Outpatient treatment for kratom, though less comprehensive than inpatient treatment, may be an option for those who are short-term, low-dose kratom users. (Inpatient treatment is the better choice for those with more serious addiction.) For those for whom inpatient treatment is not an option because of job, family or insurance reasons, an outpatient program for kratom may also be the better choice. The advantage of most outpatient treatment programs is that clients can commute to them, receiving detox and treatment without having to live on campus. Usually an outpatient program will offer the same set of treatment services, only at a lower level of intensity.

Can Kratom Detox Be Done at Home?

Kratom detox at home is not an ideal option for anyone— because of the unknowns. Some withdrawal symptoms can pose serious medical risks, as evidenced by the potential complications of high blood pressure, depression and suicidal thoughts, among other problems.

These risks are magnified by a serious kratom addiction (high doses and long-term use) and the presence of co-occurring mental disorders and/or other health issues. Often, too, a person may not be aware that they have these medical risk factors.

For these reasons, a medically supervised detox is always recommended in cases where kratom is the drug of use.

 Tapered vs. Cold Turkey

A common concern related to detox from kratom is whether to quit “cold turkey,” as in all at once, or more gradually wean off the drug. In the first case (quitting cold turkey), immediately and abruptly ceasing all use of kratom will intensify withdrawal symptoms and complicate recovery. That’s because the body—and, in particular, the CNS which was most affected by one’s use of kratom—has no time to adjust. If, on the other hand, you gradually taper off of kratom, incrementally reducing the level of dose, your withdrawal symptoms will be both less intense and less in number. This is why professional detox and treatment will usually apply a more gradual taper.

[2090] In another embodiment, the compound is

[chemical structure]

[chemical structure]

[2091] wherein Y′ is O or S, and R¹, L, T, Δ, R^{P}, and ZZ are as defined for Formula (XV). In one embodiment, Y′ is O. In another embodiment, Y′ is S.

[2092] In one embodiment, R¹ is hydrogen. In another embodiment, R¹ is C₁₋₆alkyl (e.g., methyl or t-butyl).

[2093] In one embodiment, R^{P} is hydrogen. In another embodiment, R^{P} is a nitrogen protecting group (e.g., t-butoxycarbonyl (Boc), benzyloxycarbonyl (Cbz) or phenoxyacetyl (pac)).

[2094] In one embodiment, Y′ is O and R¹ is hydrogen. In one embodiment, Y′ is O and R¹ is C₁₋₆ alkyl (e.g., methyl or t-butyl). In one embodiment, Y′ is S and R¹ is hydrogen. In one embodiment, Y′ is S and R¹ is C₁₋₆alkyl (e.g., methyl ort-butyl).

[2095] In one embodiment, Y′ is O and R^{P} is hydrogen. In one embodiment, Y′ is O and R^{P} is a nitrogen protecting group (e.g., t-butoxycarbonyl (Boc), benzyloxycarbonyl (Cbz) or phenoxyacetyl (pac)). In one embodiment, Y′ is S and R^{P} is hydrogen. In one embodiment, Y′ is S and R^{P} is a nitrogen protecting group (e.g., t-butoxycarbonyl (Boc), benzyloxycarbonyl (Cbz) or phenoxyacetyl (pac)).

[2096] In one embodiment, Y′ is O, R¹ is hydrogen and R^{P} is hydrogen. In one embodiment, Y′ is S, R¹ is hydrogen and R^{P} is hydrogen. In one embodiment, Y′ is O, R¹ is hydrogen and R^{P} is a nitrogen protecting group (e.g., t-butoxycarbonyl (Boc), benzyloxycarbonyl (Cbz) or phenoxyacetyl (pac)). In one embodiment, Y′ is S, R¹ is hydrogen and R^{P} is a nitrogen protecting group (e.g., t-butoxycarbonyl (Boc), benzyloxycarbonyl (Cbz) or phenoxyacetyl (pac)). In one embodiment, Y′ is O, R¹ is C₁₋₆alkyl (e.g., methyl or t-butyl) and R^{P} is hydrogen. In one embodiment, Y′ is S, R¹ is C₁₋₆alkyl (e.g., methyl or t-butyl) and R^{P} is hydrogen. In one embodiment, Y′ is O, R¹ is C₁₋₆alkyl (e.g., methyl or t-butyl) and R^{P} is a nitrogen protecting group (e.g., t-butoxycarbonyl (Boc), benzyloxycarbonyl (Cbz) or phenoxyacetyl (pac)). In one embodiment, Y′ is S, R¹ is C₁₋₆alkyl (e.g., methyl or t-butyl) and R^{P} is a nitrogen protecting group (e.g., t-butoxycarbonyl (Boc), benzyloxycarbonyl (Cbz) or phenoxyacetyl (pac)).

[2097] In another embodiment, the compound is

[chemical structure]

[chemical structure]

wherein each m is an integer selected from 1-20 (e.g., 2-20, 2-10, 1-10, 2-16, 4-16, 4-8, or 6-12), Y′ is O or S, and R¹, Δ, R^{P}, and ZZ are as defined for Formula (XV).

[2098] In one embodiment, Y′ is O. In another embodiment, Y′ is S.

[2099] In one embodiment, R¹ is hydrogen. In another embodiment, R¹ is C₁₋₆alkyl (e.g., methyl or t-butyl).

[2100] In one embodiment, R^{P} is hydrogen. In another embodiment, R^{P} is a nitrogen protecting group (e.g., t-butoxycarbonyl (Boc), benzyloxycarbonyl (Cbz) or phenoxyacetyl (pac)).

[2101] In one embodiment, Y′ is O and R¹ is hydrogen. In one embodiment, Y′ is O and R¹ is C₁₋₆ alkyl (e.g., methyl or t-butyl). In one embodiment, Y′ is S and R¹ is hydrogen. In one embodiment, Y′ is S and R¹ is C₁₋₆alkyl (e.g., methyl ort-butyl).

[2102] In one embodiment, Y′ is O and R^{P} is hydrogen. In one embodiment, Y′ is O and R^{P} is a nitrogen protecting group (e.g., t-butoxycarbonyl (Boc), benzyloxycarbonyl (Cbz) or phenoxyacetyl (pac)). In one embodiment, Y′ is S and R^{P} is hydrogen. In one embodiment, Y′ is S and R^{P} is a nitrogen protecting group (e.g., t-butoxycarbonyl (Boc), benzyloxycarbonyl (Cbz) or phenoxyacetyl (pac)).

Considerations/How to Decide What Is Right for You

Any decision about treatment for a kratom addiction will involve individual considerations, such as:

  • Cost and whether your insurance plan will cover inpatient or outpatient treatment
  • Whether to pursue out-of-state treatment or stick closer to home
  • What therapies will best address the roots of your addiction
  • How long you can take off from work or whether to continue working while undergoing treatment

Only you can answer these questions for yourself, in deciding what is right for you.

Recovery Success and Aftercare Services for Kratom

Another important factor to consider: what aftercare services will you need in order to sustain your recovery from kratom? Any trusted treatment provider should have some basic aftercare services in place, on the basis of studies that show that aftercare services can boost recovery success rates. Here are some things to look for when considering any program of treatment:

  • Individual maintenance therapy
  • Medication maintenance
  • Recovery groups, like 12-step peer support groups
  • Alumni offerings
  • Drug testing

Who Needs Kratom Detox?

Anyone who is using kratom may need detox and treatment. In addition to its classification by the DEA as a “drug of concern,” kratom has been linked with a number of dangerous episodes of psychosis, marked by hallucinations, delusion and confusion. Kratom also has no known medical use and has received little scientific scrutiny. We therefore know little about its long-term effects, which may be more dangerous than we can even guess.

Don’t play with fire: if you’re using kratom, consider a medically administered detox today.

For information related to kratom detox, check out these articles:

  1. The Science of Drug Addiction
  2. What to Consider Before Deciding to Detox at Home
  3. Alternative Methods for Managing Pain Without Opiates
  4. 7 Benefits of Inpatient Rehab

 

close